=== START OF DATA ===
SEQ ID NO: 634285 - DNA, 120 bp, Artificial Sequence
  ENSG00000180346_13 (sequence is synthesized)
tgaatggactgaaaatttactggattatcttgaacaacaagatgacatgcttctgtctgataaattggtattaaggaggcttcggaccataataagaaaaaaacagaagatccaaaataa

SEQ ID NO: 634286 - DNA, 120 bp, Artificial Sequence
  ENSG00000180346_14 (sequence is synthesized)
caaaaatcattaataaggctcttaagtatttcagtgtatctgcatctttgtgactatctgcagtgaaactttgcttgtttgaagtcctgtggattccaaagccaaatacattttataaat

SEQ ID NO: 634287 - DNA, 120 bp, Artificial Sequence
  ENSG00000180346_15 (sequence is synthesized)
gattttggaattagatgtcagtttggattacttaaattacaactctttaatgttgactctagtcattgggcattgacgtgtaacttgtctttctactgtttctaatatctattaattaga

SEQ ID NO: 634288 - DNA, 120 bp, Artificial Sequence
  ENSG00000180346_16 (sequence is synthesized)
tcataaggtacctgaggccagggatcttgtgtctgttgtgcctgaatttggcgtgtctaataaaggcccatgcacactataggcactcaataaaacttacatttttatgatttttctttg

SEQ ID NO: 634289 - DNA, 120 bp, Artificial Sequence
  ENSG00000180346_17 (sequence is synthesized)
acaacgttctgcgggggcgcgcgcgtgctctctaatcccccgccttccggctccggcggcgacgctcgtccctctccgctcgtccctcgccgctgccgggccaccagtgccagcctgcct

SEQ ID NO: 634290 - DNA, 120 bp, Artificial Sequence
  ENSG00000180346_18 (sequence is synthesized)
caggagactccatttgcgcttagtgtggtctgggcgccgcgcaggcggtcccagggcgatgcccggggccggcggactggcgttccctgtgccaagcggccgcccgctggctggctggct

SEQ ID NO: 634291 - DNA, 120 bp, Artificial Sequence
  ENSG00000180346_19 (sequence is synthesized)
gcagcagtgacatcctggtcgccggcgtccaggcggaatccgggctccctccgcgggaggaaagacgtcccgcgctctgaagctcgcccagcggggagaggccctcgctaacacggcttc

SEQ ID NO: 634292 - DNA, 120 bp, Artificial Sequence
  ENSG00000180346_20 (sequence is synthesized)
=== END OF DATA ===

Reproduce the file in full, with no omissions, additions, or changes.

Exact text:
SEQ ID NO: 634285 - DNA, 120 bp, Artificial Sequence
  ENSG00000180346_13 (sequence is synthesized)
tgaatggactgaaaatttactggattatcttgaacaacaagatgacatgcttctgtctgataaattggtattaaggaggcttcggaccataataagaaaaaaacagaagatccaaaataa

SEQ ID NO: 634286 - DNA, 120 bp, Artificial Sequence
  ENSG00000180346_14 (sequence is synthesized)
caaaaatcattaataaggctcttaagtatttcagtgtatctgcatctttgtgactatctgcagtgaaactttgcttgtttgaagtcctgtggattccaaagccaaatacattttataaat

SEQ ID NO: 634287 - DNA, 120 bp, Artificial Sequence
  ENSG00000180346_15 (sequence is synthesized)
gattttggaattagatgtcagtttggattacttaaattacaactctttaatgttgactctagtcattgggcattgacgtgtaacttgtctttctactgtttctaatatctattaattaga

SEQ ID NO: 634288 - DNA, 120 bp, Artificial Sequence
  ENSG00000180346_16 (sequence is synthesized)
tcataaggtacctgaggccagggatcttgtgtctgttgtgcctgaatttggcgtgtctaataaaggcccatgcacactataggcactcaataaaacttacatttttatgatttttctttg

SEQ ID NO: 634289 - DNA, 120 bp, Artificial Sequence
  ENSG00000180346_17 (sequence is synthesized)
acaacgttctgcgggggcgcgcgcgtgctctctaatcccccgccttccggctccggcggcgacgctcgtccctctccgctcgtccctcgccgctgccgggccaccagtgccagcctgcct

SEQ ID NO: 634290 - DNA, 120 bp, Artificial Sequence
  ENSG00000180346_18 (sequence is synthesized)
caggagactccatttgcgcttagtgtggtctgggcgccgcgcaggcggtcccagggcgatgcccggggccggcggactggcgttccctgtgccaagcggccgcccgctggctggctggct

SEQ ID NO: 634291 - DNA, 120 bp, Artificial Sequence
  ENSG00000180346_19 (sequence is synthesized)
gcagcagtgacatcctggtcgccggcgtccaggcggaatccgggctccctccgcgggaggaaagacgtcccgcgctctgaagctcgcccagcggggagaggccctcgctaacacggcttc

SEQ ID NO: 634292 - DNA, 120 bp, Artificial Sequence
  ENSG00000180346_20 (sequence is synthesized)